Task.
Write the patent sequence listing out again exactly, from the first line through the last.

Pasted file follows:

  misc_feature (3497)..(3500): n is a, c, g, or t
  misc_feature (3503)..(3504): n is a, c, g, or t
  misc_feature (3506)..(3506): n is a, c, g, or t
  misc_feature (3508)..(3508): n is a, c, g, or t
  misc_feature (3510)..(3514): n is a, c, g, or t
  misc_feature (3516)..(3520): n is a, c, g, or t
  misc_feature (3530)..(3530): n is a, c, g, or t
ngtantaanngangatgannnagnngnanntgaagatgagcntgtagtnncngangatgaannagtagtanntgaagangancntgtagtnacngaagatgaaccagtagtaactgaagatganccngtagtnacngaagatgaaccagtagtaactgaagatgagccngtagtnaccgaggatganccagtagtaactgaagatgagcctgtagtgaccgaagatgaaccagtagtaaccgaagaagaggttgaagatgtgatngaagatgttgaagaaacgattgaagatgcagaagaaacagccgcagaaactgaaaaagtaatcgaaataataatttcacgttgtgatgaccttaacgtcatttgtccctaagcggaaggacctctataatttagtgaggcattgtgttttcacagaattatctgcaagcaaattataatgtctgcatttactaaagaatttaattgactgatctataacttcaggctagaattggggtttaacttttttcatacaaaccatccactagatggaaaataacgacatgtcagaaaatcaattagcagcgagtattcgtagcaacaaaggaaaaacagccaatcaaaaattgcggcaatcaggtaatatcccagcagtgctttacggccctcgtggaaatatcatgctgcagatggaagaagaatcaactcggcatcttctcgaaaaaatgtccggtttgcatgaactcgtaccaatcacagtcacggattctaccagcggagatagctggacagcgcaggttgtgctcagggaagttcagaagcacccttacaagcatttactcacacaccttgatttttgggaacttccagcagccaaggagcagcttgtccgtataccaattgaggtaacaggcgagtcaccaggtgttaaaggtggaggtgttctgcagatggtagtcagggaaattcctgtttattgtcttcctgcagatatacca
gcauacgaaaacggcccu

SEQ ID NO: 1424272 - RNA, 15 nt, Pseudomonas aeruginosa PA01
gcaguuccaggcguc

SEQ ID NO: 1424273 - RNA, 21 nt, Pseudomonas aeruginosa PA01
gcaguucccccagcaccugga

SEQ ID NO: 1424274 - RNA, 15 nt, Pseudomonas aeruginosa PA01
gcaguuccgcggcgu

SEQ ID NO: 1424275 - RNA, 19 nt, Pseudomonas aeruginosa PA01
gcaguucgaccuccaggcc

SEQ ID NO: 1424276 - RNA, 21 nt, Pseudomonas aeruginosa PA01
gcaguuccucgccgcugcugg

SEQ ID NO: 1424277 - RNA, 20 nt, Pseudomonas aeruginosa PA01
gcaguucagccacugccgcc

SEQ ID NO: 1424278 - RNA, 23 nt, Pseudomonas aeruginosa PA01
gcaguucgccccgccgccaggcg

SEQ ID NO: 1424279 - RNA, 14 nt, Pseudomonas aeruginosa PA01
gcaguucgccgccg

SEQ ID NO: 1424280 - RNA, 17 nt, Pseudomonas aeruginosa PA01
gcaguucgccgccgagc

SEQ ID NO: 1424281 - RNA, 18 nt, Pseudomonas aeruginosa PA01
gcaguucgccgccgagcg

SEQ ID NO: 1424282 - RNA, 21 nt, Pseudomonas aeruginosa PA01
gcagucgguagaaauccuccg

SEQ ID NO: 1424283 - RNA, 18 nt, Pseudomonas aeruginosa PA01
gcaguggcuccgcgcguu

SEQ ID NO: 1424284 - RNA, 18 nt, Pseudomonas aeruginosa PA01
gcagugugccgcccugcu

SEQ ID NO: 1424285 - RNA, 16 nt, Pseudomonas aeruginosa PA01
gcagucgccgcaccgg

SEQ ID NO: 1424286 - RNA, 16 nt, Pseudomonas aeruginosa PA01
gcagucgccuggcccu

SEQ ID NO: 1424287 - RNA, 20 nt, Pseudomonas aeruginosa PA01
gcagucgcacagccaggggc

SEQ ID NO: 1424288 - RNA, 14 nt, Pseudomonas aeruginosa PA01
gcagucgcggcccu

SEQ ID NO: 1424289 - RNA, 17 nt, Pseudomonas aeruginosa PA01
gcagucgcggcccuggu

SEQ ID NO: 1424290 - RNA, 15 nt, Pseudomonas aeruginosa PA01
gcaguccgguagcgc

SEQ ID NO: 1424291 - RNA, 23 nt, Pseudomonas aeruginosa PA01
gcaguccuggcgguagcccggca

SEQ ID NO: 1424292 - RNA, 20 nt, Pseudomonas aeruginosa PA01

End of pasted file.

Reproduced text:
  misc_feature (3497)..(3500): n is a, c, g, or t
  misc_feature (3503)..(3504): n is a, c, g, or t
  misc_feature (3506)..(3506): n is a, c, g, or t
  misc_feature (3508)..(3508): n is a, c, g, or t
  misc_feature (3510)..(3514): n is a, c, g, or t
  misc_feature (3516)..(3520): n is a, c, g, or t
  misc_feature (3530)..(3530): n is a, c, g, or t
ngtantaanngangatgannnagnngnanntgaagatgagcntgtagtnncngangatgaannagtagtanntgaagangancntgtagtnacngaagatgaaccagtagtaactgaagatganccngtagtnacngaagatgaaccagtagtaactgaagatgagccngtagtnaccgaggatganccagtagtaactgaagatgagcctgtagtgaccgaagatgaaccagtagtaaccgaagaagaggttgaagatgtgatngaagatgttgaagaaacgattgaagatgcagaagaaacagccgcagaaactgaaaaagtaatcgaaataataatttcacgttgtgatgaccttaacgtcatttgtccctaagcggaaggacctctataatttagtgaggcattgtgttttcacagaattatctgcaagcaaattataatgtctgcatttactaaagaatttaattgactgatctataacttcaggctagaattggggtttaacttttttcatacaaaccatccactagatggaaaataacgacatgtcagaaaatcaattagcagcgagtattcgtagcaacaaaggaaaaacagccaatcaaaaattgcggcaatcaggtaatatcccagcagtgctttacggccctcgtggaaatatcatgctgcagatggaagaagaatcaactcggcatcttctcgaaaaaatgtccggtttgcatgaactcgtaccaatcacagtcacggattctaccagcggagatagctggacagcgcaggttgtgctcagggaagttcagaagcacccttacaagcatttactcacacaccttgatttttgggaacttccagcagccaaggagcagcttgtccgtataccaattgaggtaacaggcgagtcaccaggtgttaaaggtggaggtgttctgcagatggtagtcagggaaattcctgtttattgtcttcctgcagatatacca
gcauacgaaaacggcccu

SEQ ID NO: 1424272 - RNA, 15 nt, Pseudomonas aeruginosa PA01
gcaguuccaggcguc

SEQ ID NO: 1424273 - RNA, 21 nt, Pseudomonas aeruginosa PA01
gcaguucccccagcaccugga

SEQ ID NO: 1424274 - RNA, 15 nt, Pseudomonas aeruginosa PA01
gcaguuccgcggcgu

SEQ ID NO: 1424275 - RNA, 19 nt, Pseudomonas aeruginosa PA01
gcaguucgaccuccaggcc

SEQ ID NO: 1424276 - RNA, 21 nt, Pseudomonas aeruginosa PA01
gcaguuccucgccgcugcugg

SEQ ID NO: 1424277 - RNA, 20 nt, Pseudomonas aeruginosa PA01
gcaguucagccacugccgcc

SEQ ID NO: 1424278 - RNA, 23 nt, Pseudomonas aeruginosa PA01
gcaguucgccccgccgccaggcg

SEQ ID NO: 1424279 - RNA, 14 nt, Pseudomonas aeruginosa PA01
gcaguucgccgccg

SEQ ID NO: 1424280 - RNA, 17 nt, Pseudomonas aeruginosa PA01
gcaguucgccgccgagc

SEQ ID NO: 1424281 - RNA, 18 nt, Pseudomonas aeruginosa PA01
gcaguucgccgccgagcg

SEQ ID NO: 1424282 - RNA, 21 nt, Pseudomonas aeruginosa PA01
gcagucgguagaaauccuccg

SEQ ID NO: 1424283 - RNA, 18 nt, Pseudomonas aeruginosa PA01
gcaguggcuccgcgcguu

SEQ ID NO: 1424284 - RNA, 18 nt, Pseudomonas aeruginosa PA01
gcagugugccgcccugcu

SEQ ID NO: 1424285 - RNA, 16 nt, Pseudomonas aeruginosa PA01
gcagucgccgcaccgg

SEQ ID NO: 1424286 - RNA, 16 nt, Pseudomonas aeruginosa PA01
gcagucgccuggcccu

SEQ ID NO: 1424287 - RNA, 20 nt, Pseudomonas aeruginosa PA01
gcagucgcacagccaggggc

SEQ ID NO: 1424288 - RNA, 14 nt, Pseudomonas aeruginosa PA01
gcagucgcggcccu

SEQ ID NO: 1424289 - RNA, 17 nt, Pseudomonas aeruginosa PA01
gcagucgcggcccuggu

SEQ ID NO: 1424290 - RNA, 15 nt, Pseudomonas aeruginosa PA01
gcaguccgguagcgc

SEQ ID NO: 1424291 - RNA, 23 nt, Pseudomonas aeruginosa PA01
gcaguccuggcgguagcccggca

SEQ ID NO: 1424292 - RNA, 20 nt, Pseudomonas aeruginosa PA01